For the first time since January, China has announced no new deaths due to COVID-19 on Tuesday. China has officially ended its lockdown of Wuhan early Wednesday, allowing the citizens of the city where the coronavirus pandemic was first identified to move more freely. However, it will be a long time before life in Wuhan returns to pre-coronavirus normalcy. Citizens leaving the city will now have to present a government-sanctioned application to authorities which measures whether the individual is a contagion risk. In similar fashion, countries across Europe are discussing plans of action for the lifting of lockdown measures as more positive data shows the containment measures may be working. However, the pandemic is far from over.

On Tuesday, United Kingdom's Prime Minister Boris Johnson remain in the intensive care unit as his coronavirus symptoms maintain their severity. The U.K. has begun to question their mode of action if Johnson is no longer able to preform his duties as Prime Minister, a role in Britain that has no constitutional succession line. Japan has declared a state of emergency as infections in the nation surge. New York and New Jersey both reported their highest record number of deaths in a day, although the practice of social distancing in these states, as well as California and Washington, is beginning to show signs of encouragement. The United States is currently waiting to see if these hot zones are actually flattening the curve.

Total Global Cases: Over 1.4 million

Total Deaths: At Least 81,000

Total Recovered: At Least 300,000

World Health Argument

President Donald Trump criticized the World Health Organization during his coronavirus press conference on Tuesday, accusing the organization of withholding important information and siding with China. Trump threatened that the United States will withhold their funding to the global organization due partially to the WHO issuing a statement at the end of January that they did not approve of Trump's travel restrictions to China. At the time, the WHO issued a statement that, "restricting the movement of people and goods during a public health emergencies is ineffective in most situations and may divert resources from other interventions."

"We're going to put a hold on money spent to the WHO; we're going to put a very powerful hold on it and we're going to see," Trump stated. "They called it wrong. They call it wrong. They really missed the call."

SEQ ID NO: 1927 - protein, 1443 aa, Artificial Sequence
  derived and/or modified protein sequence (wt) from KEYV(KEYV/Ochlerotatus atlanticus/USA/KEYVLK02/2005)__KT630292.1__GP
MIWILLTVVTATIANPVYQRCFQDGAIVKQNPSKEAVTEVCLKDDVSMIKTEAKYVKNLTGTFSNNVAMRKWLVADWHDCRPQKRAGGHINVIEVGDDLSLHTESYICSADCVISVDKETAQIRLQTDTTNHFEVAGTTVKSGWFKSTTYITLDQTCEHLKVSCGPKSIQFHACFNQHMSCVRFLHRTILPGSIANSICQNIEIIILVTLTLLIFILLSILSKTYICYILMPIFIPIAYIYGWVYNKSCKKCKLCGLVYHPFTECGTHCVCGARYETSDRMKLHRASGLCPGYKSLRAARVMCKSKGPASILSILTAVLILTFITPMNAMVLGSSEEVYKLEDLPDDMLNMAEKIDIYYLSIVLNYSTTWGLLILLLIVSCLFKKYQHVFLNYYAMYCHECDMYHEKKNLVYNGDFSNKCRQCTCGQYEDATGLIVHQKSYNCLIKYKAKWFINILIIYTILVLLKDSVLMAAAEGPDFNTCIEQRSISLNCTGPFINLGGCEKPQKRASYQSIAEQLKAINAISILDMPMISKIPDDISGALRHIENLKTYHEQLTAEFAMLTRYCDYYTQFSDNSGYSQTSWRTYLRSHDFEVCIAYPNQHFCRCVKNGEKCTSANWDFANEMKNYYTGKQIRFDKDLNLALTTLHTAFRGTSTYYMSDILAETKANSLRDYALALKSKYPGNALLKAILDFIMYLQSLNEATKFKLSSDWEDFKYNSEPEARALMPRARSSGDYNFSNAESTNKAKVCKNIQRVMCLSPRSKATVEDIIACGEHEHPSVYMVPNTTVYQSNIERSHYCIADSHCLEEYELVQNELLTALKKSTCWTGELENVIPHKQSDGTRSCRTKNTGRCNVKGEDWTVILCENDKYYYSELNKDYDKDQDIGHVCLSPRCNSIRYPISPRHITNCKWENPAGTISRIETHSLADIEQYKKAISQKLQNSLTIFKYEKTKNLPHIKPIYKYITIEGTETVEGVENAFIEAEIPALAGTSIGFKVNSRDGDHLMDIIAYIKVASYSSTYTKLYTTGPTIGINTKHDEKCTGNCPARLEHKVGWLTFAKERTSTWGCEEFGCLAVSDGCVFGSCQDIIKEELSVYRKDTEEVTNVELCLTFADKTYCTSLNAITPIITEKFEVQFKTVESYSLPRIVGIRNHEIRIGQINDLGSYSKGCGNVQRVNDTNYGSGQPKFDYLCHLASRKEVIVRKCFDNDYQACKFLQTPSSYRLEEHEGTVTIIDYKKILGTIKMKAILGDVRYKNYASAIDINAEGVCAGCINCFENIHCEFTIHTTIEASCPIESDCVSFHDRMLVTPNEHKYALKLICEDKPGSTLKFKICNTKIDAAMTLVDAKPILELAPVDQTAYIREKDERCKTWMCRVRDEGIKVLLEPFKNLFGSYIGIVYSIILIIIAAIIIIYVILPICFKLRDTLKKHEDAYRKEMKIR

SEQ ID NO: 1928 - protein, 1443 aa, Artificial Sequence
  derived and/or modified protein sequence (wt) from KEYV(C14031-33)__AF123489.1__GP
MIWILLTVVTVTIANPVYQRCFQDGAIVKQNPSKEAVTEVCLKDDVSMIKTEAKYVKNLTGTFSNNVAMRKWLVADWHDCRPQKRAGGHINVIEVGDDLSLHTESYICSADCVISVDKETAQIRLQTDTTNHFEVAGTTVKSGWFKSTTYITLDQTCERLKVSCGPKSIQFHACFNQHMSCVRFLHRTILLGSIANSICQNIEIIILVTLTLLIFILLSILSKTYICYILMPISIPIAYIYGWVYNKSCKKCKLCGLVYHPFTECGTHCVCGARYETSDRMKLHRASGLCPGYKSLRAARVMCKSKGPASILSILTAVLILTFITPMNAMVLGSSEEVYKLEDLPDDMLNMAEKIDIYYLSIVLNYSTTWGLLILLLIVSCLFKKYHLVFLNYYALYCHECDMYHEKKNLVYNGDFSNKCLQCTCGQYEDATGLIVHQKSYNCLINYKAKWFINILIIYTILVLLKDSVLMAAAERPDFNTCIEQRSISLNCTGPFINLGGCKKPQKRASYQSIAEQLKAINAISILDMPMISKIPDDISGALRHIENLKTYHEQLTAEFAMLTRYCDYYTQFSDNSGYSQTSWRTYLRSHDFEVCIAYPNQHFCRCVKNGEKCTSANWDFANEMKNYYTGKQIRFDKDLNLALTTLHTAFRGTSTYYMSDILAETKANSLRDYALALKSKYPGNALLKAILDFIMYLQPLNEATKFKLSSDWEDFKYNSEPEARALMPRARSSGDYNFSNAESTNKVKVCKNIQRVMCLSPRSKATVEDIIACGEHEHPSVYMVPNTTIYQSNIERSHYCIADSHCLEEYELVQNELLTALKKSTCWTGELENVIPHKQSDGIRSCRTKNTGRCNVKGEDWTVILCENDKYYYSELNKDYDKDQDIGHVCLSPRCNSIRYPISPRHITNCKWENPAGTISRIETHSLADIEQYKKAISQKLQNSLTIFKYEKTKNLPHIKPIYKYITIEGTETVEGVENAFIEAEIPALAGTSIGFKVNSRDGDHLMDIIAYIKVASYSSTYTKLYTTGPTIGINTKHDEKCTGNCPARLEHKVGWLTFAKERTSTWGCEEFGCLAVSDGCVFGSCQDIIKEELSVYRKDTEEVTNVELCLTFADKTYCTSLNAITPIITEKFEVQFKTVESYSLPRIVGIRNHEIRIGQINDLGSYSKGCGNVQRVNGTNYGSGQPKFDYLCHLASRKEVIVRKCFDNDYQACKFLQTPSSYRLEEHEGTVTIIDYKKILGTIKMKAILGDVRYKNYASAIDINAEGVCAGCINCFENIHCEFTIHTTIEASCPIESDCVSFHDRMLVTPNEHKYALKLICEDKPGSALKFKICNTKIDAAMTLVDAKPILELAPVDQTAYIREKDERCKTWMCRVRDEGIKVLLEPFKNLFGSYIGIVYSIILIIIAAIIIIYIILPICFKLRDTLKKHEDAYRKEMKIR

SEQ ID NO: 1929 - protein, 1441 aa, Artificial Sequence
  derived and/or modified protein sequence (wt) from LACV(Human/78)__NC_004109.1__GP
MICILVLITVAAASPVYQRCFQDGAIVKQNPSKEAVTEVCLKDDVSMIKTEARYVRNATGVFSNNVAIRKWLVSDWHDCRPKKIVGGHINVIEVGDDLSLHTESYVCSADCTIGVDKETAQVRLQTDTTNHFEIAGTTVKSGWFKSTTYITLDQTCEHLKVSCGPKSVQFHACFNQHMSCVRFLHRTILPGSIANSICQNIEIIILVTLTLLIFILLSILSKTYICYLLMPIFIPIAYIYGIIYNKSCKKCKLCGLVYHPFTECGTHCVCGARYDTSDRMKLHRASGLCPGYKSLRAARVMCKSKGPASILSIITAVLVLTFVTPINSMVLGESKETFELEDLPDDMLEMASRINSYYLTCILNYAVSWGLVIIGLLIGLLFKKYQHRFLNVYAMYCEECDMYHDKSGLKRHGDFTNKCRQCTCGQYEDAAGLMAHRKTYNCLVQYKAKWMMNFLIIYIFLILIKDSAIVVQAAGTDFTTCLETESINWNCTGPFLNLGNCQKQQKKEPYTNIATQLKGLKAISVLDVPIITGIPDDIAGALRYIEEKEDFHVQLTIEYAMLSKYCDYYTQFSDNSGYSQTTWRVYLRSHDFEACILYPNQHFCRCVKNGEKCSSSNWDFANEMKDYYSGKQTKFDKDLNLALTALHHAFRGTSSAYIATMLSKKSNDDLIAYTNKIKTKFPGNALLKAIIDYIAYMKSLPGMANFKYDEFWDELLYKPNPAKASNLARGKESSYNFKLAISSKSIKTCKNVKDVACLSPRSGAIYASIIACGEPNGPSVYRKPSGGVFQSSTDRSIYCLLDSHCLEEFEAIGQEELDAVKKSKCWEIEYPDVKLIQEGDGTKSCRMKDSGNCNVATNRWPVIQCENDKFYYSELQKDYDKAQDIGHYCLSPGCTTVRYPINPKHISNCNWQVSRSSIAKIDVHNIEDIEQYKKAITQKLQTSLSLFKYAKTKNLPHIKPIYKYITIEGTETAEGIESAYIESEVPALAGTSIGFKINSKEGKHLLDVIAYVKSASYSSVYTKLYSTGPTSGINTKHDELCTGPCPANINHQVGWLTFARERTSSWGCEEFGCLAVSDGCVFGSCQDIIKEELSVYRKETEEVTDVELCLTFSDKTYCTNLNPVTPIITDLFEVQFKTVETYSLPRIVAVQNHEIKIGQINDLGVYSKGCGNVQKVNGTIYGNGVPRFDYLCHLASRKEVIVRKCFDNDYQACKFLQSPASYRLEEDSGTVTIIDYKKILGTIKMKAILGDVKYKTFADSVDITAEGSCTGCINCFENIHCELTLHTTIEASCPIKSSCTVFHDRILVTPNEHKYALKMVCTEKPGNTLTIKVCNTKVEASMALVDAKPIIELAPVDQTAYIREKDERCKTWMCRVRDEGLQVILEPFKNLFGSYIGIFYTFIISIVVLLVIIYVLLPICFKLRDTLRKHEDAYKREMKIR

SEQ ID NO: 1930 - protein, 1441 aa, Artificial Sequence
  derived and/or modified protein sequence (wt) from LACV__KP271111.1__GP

The President also tweeted earlier on Tuesday: "The W.H.O. really blew it. For some reason, funding largely by the United States, yet very China centric. We will be giving that a good look. Fortunately I rejected their advice on keeping our borders open to China early one. Why did they give us such a faulty recommendation?"

According to the New York Times, the World Health Organization's, which comes from member countries, is around $5 billion annually. As of 2017, the United States was required to fund $111 million for the organization's efforts, but sent an additional $401 million in voluntary contributions.

Amazon's New Policy

Amazon (AMZN  ) announced on Tuesday that they will be piloting the use of disinfectant fog in their Staten Island fulfillment center as the company continues face backlash from warehouse workers over their lack of protections from the coronavirus pandemic.

Amazon News tweeted: "As we continue to explore even more preventative measures to support the health and safety of employees, we are piloting disinfectant fogging, a practice commonly used by hospitals and airlines to supplement the enhances cleaning measures that are already in place."

Workers have demanded that the company issue building closures as warehouse workers test positive for COVID-19. However, Amazon is currently aiming to expand their workforce to meet the increasing demand for shipped goods. The company has focused on prioritizing medical supplies and is running temperature checks and providing masks for staff.

Increased Testing

Walgreens (WBA  ) reported that pharmaceutical and personal needs company will be opening 15 drive-thru testing site across 7 states by the end of the week in an effort to expand the Untied States' coronavirus testing. The new sites are based on where the Department of Health and Human Services predict will be the next outbreaks in the country; Arizona, Florida, Illinois, Kentucky, Louisiana, Tennessee and Texas.

The testing sites will use the Abbot Laboratories rapid COVID test and expect to test up to 3,000 per day.